Cultural Information


India has many festivals and some states celebrate certain festivals more than others.  In Karnataka, Dasara, a traditional celebratory hallmark of the old Kingdom of Mysore, is the national festival and is celebrated with great vigour. Deepavali or Diwali, is perhaps the most well known of Indian festivals.  It is the "Festival of Lights" and transcends demographic and religious lines and is another important festival. Other traditional Indian festivals are Ganesh Chaturthi, Ugadi and Sankranthi.  Eid ul-Fitr and Christmas are also celebrated in some parts of India.

Cultural Sensitivities

When visiting and living in India you should observe certain local customs and practices. Here are some of the more important courtesies and customs:

• Greetings: Although handshakes generally suffice for both men and women, some ladies may acknowledge an introduction with a gentleman with a nod of her head and smile; a handshake is only to be reciprocated if the lady offers her hand first. The traditional greeting is Namaste, with the hands together as if in prayer. Do reciprocate.

• Indians are very hospitable and often invite you to their house. When entering an Indian’s home, remove your shoes. It is considered polite. Also, although they often tell you to “come over anytime”, please do ring them just before you visit. 

• Indians are often reluctant to say “no”. They say “We will see”. If you get this response, do not push them and wait for them to respond. 

• Bangalore is a cosmopolitan city, with no dress codes as such. However, it is advisable not to wear clothes that are too revealing. Remember that India is a conservative country and wearing clothes that expose too much skin may create problems for you.

• Always remove your shoes when entering a religious site. 

• Indians will generally offer and request you to eat more. This is out of their traditionally belief that ‘Guest are like Gods’ and can be seen in their hospitality even today. You may polity refuse more food.

• Do not insist on eating meat and drinking alcohol when invited to an Indian home for a meal. Whilst most Indians are liberal, many are vegetarian and are teetotalers.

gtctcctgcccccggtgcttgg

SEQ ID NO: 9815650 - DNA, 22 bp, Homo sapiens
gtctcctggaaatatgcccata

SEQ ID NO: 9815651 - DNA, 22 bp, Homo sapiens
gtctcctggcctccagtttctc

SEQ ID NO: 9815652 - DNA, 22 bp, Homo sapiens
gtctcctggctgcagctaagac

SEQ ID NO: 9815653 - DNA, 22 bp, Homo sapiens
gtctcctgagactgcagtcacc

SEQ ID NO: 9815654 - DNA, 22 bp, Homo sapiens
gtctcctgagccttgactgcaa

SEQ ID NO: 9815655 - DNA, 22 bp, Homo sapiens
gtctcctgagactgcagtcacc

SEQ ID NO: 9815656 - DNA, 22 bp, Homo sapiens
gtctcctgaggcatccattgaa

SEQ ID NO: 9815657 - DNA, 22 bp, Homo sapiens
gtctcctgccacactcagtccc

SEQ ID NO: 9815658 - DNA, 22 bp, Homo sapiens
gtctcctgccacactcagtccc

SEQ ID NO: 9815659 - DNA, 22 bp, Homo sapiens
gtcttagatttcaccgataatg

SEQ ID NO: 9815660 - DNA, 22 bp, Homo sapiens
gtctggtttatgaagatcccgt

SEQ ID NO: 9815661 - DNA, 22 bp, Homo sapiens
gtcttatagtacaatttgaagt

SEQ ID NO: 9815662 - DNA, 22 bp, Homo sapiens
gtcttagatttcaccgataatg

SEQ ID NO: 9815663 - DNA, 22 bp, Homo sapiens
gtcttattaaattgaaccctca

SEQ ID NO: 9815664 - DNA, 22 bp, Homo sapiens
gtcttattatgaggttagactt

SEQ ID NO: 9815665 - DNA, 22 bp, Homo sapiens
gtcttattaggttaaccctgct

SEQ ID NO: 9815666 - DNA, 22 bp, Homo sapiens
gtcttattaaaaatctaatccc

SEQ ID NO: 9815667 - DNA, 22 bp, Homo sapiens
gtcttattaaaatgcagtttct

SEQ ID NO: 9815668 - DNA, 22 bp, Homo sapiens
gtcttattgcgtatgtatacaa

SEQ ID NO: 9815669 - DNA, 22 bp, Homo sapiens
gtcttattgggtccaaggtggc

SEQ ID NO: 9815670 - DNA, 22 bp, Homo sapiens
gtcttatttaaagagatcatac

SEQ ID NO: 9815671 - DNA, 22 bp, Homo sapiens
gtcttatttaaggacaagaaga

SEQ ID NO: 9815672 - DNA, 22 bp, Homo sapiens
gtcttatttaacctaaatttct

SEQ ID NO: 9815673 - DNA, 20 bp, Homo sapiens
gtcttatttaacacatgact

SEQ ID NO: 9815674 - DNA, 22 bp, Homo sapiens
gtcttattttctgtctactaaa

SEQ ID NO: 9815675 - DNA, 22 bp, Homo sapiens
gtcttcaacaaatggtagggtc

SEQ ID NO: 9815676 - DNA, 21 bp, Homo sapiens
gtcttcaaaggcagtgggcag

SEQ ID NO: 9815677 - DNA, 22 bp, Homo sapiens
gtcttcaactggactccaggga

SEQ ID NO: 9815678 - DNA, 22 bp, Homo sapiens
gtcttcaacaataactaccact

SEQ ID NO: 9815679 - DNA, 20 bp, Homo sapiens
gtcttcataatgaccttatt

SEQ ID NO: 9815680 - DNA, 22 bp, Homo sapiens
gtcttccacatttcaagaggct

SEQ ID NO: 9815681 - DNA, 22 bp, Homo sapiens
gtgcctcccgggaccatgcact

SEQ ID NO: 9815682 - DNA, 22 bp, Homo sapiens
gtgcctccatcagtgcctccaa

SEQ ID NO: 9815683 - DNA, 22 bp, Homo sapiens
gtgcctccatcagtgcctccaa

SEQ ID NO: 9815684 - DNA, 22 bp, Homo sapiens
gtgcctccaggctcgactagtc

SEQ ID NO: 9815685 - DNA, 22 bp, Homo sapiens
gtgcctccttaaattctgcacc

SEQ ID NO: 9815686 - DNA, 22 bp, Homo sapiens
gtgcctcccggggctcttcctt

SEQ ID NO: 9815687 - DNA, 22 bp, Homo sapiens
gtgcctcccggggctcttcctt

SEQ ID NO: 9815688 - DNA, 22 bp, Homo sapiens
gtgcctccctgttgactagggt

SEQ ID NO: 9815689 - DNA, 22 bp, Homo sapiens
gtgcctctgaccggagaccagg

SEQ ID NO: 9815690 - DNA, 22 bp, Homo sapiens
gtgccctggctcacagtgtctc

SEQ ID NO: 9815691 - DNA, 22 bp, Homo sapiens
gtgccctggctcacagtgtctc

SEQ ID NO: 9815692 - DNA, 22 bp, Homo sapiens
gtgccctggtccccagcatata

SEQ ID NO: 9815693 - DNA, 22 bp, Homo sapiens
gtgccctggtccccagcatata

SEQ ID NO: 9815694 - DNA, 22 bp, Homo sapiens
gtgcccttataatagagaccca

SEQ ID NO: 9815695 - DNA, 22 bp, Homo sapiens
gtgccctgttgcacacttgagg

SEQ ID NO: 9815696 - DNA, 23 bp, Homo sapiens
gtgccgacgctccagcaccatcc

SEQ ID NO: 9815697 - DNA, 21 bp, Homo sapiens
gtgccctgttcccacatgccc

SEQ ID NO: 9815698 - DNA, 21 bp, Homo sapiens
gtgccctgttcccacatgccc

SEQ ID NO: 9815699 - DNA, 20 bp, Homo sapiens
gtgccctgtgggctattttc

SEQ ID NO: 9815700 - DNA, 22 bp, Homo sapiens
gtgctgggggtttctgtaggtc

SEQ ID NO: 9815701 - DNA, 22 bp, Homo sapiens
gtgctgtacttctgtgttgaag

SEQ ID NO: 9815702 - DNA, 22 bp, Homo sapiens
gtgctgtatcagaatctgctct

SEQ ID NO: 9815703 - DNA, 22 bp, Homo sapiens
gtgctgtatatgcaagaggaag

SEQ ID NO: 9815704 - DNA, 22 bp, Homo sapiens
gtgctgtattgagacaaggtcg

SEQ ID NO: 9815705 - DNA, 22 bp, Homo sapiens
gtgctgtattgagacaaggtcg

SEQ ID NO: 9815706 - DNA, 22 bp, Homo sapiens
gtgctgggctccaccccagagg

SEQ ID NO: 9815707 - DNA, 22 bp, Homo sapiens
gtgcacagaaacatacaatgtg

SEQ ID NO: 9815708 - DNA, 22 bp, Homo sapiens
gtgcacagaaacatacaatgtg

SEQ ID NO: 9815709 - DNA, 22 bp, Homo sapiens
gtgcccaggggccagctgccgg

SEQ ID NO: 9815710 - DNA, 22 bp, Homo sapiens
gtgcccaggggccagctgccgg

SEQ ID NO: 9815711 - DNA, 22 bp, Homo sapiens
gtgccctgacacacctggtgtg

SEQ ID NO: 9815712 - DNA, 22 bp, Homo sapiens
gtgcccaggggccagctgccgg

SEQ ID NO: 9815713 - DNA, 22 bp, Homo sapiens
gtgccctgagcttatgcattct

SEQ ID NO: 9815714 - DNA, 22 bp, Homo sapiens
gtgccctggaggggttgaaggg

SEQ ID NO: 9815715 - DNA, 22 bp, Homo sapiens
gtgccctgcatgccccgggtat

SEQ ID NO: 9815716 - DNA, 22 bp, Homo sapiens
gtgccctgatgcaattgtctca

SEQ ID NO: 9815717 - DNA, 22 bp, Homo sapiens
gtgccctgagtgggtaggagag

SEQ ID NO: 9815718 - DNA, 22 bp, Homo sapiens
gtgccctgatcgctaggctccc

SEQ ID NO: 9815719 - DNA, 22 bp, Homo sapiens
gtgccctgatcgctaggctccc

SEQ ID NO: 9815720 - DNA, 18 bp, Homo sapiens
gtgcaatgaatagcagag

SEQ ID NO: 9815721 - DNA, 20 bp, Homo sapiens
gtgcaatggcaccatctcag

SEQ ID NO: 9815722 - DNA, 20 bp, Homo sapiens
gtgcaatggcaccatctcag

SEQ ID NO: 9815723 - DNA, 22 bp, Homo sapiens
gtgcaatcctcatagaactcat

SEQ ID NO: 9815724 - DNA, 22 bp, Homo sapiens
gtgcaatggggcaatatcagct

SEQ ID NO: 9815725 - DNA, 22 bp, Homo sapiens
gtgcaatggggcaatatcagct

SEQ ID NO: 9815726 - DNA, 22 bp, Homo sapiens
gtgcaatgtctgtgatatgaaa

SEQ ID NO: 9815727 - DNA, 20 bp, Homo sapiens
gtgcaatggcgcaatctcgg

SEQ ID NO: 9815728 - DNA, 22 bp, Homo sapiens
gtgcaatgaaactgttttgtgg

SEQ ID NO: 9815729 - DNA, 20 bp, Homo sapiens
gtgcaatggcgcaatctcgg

• When invited to somebody’s home, don’t forget to take a token gift with you. Flowers (colourful are very much appreciated), fruit, chocolates or a bottle of Scotch are greatly appreciated (if they are not teetotalers!). 

• If you are inviting an Indian to your home for dinner, ask them about their dietary restrictions. Generally, Hindus do not eat beef and Muslims do not eat pork. Cook vegetarian food, just in case, you will never go wrong. 

• Public displays of affection between the sexes should be limited.

• Indians ask many personal questions, such as your marital status, number of children you have, your age, what your qualifications are, and even how much you earn. They often ask if your marriage was “arranged” or a “love” marriage.  These questions often embarrass the Westerner. The intention behind such questions is only to know you more or sometimes a topic of conversation. Politely refuse to answer if you are embarrassed to be asked these questions.  

• Indians will find things like unmarried couples living or traveling together, traveling alone without your family very strange, but it is not illegal to cohabit with a partner. 

• The right hand is always used when eating with one's hand or when giving and receiving objects.

• Indians sometimes use antiquated English words no longer used in the UK or anywhere else.

• Indians often address an older woman or man as Aunty or Uncle, even if they are not related to them or have never met them before. They also ask you what your “good name” is. Take this all in good humor and practice calling an older person Uncle or Aunty, it is very respectful!

• Begging: This is a major problem in India for Westerners. Whilst Indians are often immune to it and often shout jao (go!) to beggars, Westerners often are distraught by the sight of beggars and give them money. Some beggars cut off their limbs to earn a living.  Remember, most of the money does not go to the beggars themselves but to the beggar masters who are often mafia. 

• Tipping: Giving baksheesh is common in India. Tip the porter, the watchmen, and the maids etc regularly to keep you in their good books.  

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